History of New Zealand Indonesia Association (NZIA)
Excerpts from a speech delivered at the NZIA 50th anniversary dinner, held at the Indonesian Embassy, Wellington, on 14-11-2014
Early links to Indonesia
English language assistance
When NZ joined the Colombo Plan in the 1950’s, its main form of technical assistance to Indonesia was in the participation in an English-language teaching project, under this plan New Zealand experts worked in Indonesia and Indonesian students trained in New Zealand. Gordon McDonald and his wife Geraldine spent time in Medan, Sumatra teaching English.
Establishment of NZIA - 1964
At the suggestion of our Ministry of Foreign Affairs, Gordon McDonald established NZIA (Wellington) in 1964, and was asked to become its first president. When he and his wife had returned to NZ, they were appalled at the NZ ignorance of Indonesia, and decided to do something about it by agreeing to the setting up of NZIA. They felt there was a “black hole” when it came to our knowledge of Indonesia. We know about Malaya [Malaysia] but the former Dutch East Indies were a complete blank to them, in spite of Indonesia’s huge size and economic importance, and being our nearest Asian neighbour.
In the early 1960’s, Indonesia did not have formal diplomatic representation in NZ to dispel that black hole. It was handled from Canberra. The diplomatic mission in Wellington was established in 1968 and the first Ambassador Major General TNI Sutikno Lukitodisastro was appointed in 1973. Once the Embassy had been opened, it took a while before the close collaboration between NZIA and the Embassy staff was consolidated. But I can firmly state that without that support from the Indonesian ambassadors and the Embassy staff over these 50 years, this association would have folded, just like the Auckland NZIA did. The Auckland NZIA was always a bit envious of this strong support.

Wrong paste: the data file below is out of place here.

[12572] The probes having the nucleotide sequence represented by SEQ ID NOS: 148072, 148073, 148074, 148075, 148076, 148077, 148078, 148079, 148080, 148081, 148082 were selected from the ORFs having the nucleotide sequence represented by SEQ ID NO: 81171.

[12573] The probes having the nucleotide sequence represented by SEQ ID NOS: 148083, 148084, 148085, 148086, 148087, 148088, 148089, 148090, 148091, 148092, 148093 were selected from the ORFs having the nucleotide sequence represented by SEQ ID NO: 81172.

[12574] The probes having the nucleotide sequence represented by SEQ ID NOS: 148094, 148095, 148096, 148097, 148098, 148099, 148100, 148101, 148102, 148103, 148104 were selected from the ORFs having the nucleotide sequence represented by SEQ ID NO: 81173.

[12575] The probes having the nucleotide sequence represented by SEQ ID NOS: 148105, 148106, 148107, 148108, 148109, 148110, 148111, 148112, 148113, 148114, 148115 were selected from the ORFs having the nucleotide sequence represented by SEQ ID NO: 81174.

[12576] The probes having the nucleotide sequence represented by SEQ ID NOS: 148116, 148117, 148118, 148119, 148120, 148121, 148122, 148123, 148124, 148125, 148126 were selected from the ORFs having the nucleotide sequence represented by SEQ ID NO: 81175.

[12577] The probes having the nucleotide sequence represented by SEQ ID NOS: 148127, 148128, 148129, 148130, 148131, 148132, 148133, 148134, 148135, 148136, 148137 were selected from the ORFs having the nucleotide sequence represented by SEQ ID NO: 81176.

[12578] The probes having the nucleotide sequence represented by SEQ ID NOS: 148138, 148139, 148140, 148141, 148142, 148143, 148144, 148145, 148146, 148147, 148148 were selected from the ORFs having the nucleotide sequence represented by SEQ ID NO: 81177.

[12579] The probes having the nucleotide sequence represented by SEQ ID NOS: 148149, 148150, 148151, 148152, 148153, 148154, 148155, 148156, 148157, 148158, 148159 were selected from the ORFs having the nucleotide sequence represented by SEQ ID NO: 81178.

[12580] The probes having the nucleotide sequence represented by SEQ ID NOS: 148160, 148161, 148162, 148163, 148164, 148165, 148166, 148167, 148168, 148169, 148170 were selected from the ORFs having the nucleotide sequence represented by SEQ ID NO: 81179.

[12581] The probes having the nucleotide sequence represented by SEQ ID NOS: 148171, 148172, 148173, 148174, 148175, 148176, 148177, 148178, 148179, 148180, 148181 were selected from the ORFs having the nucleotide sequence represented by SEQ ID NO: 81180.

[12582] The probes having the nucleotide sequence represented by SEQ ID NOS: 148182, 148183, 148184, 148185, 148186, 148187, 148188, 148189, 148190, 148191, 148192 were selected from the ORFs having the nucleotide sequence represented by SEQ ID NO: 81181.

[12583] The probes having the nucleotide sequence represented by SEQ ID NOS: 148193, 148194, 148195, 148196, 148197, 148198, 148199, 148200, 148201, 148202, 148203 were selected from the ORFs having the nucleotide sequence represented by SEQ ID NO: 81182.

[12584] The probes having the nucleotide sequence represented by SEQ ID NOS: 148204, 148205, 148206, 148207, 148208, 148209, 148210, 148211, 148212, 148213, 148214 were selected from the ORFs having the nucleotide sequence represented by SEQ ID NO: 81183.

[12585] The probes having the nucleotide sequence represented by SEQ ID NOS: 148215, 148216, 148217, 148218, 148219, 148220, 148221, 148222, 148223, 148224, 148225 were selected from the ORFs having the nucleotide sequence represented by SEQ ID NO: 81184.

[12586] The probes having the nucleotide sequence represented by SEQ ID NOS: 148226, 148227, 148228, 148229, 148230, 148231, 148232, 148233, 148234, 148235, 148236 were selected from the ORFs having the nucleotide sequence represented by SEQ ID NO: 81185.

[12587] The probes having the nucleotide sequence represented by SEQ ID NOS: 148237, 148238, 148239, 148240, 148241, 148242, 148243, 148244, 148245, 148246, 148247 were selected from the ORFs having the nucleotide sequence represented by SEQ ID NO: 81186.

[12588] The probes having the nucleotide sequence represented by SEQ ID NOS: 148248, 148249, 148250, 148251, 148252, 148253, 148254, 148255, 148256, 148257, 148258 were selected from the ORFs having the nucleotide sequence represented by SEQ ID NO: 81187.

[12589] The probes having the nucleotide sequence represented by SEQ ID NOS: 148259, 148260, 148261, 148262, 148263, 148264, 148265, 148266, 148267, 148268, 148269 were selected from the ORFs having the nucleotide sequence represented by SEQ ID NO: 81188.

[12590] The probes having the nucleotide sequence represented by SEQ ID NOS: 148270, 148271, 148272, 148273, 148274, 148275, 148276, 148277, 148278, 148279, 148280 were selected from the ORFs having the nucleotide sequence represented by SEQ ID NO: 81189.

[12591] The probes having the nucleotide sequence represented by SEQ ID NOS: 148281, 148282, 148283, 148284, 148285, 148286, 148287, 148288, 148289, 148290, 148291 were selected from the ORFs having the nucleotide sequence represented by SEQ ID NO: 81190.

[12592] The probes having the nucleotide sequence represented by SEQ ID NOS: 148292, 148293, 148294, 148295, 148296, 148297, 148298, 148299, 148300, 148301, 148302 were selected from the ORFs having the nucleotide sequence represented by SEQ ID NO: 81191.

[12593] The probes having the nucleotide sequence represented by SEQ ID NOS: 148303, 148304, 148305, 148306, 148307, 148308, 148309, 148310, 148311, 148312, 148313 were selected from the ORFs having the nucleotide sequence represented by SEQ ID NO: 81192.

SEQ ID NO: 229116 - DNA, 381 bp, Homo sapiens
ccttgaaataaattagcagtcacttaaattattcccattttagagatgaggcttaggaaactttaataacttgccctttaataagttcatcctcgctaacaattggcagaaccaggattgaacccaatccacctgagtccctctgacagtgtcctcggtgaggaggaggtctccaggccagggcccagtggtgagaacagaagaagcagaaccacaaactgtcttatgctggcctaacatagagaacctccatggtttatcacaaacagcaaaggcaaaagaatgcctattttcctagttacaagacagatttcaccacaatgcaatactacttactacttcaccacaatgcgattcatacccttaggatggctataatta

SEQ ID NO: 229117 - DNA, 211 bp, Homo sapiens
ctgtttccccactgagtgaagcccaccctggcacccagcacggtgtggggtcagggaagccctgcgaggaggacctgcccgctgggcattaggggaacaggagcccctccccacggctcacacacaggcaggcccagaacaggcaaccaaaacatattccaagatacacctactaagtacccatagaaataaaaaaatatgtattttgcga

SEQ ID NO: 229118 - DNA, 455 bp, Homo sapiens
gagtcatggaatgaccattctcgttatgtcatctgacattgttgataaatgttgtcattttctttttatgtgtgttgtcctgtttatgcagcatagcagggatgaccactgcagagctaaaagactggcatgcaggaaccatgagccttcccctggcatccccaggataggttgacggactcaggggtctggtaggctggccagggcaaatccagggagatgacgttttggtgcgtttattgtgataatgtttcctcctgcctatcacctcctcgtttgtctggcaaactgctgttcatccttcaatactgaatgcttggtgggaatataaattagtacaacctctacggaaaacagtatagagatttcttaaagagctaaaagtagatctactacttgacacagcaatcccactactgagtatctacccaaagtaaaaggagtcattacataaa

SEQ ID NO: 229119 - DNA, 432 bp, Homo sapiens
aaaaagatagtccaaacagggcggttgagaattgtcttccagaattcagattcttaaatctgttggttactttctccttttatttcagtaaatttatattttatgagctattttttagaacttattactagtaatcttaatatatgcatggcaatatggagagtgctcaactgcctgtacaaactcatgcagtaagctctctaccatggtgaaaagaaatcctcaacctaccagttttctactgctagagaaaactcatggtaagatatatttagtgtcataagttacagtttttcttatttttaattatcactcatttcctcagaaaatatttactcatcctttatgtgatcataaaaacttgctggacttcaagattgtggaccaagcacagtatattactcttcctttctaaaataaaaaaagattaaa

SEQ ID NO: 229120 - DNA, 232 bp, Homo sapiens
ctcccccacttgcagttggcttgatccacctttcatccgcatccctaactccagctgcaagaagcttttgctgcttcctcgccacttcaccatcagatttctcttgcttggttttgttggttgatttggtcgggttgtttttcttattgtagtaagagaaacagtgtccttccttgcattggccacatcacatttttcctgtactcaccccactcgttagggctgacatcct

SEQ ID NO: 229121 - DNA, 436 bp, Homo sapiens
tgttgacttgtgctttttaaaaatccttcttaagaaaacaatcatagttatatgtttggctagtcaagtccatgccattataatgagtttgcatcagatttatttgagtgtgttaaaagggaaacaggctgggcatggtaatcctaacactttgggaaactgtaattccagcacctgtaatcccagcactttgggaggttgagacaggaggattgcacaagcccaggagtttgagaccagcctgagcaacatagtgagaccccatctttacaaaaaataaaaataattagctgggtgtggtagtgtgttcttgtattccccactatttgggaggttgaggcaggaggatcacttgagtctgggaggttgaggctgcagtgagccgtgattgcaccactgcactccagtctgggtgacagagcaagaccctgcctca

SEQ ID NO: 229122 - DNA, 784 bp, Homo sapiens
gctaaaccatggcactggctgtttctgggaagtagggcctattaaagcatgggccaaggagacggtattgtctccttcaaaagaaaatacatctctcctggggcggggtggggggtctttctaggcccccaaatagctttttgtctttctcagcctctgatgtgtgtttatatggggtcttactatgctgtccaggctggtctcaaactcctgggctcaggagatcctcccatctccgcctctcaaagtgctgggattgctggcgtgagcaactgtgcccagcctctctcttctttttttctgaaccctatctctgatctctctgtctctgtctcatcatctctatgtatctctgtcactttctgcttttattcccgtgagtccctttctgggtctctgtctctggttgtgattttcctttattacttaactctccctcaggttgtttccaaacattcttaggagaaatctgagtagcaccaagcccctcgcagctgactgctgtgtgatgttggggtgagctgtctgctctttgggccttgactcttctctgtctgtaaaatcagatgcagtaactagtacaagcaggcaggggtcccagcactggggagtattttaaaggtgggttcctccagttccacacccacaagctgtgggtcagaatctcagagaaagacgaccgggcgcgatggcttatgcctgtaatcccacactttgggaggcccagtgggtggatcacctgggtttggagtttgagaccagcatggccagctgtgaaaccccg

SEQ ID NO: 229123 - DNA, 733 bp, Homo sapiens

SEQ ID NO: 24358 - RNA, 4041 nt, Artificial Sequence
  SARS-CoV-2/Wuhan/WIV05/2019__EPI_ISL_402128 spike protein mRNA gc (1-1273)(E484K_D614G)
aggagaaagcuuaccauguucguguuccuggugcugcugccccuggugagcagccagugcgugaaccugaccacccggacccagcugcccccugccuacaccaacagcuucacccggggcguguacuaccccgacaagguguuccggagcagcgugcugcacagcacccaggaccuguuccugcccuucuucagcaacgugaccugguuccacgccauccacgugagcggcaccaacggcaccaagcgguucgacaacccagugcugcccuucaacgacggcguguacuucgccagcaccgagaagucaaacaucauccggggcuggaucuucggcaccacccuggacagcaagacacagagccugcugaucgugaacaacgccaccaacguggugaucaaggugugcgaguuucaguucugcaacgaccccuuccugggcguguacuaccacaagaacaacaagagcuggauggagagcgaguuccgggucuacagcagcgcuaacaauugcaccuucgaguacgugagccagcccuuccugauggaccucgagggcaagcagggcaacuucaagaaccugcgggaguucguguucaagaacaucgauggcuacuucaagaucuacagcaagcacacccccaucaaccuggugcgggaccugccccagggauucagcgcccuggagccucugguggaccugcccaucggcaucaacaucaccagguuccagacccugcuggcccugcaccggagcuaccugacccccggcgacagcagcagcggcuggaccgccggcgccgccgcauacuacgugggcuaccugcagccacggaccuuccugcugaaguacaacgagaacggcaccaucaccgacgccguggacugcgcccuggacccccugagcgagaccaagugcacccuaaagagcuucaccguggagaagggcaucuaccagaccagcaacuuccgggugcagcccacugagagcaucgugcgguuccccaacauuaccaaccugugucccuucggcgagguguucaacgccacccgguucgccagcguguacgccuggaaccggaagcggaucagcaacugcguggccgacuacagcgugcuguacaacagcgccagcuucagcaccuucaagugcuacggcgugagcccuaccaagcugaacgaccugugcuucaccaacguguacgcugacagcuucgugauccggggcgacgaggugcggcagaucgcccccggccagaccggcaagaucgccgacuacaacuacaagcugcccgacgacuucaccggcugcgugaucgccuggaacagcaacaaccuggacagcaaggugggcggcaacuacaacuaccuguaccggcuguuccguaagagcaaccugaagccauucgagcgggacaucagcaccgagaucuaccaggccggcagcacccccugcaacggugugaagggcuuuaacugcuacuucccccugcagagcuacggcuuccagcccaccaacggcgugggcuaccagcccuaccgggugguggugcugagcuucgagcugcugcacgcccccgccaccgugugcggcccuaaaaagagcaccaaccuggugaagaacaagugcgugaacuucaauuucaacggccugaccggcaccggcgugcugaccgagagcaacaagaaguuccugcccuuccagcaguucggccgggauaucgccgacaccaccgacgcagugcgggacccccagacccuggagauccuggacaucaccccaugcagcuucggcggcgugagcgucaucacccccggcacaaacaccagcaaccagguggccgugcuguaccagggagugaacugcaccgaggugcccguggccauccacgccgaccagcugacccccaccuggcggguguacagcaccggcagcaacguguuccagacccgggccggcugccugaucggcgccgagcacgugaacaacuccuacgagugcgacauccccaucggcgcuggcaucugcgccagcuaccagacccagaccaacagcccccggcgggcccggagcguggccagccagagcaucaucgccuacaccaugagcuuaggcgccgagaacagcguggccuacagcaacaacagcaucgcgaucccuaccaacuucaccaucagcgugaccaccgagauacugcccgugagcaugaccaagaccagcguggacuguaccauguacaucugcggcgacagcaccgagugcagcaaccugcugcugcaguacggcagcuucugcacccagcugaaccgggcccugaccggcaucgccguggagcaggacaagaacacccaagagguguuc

Keeping NZIA alive To increase the understanding and appreciation of Indonesia in NZ, the NZIA has arranged many exhibitions over the years, some were quite large and lasted several days. In 1974 when Peter Graham was president and Geraldine McDonald vice president, an “Indonesian Cultural Exhibition” was arranged in Queen Margaret College with music, dance, cooking demonstrations and a fashion show. Embassy staff and Rieke Graham, Peter’s wife gave cooking demonstrations. We all know that music and food open paths to people’s hearts and minds. Such major activities were repeated roughly every five years and are the reason that NZIA has healthy financial reserves. These major activities took a lot of planning and risk taking but thanks to the generosity of various volunteers and impressive organisational talents, rarely resulted in a financial loss.
Thanks to intensive lobbying from NZIA, both in Wellington and in Auckland, Indonesian was taught at both universities, and some of you may remember the diminutive Dr Eva Vanicek who taught Indonesian at Victoria University for many years, until she retired to Australia’s Gold Coast. In Auckland was also an effective Indonesian department, and I still have contact with Dr Uli Kosok who now teaches Indonesian at the University of Hawaii. But both departments have been abolished during cost-cutting and “restructuring”.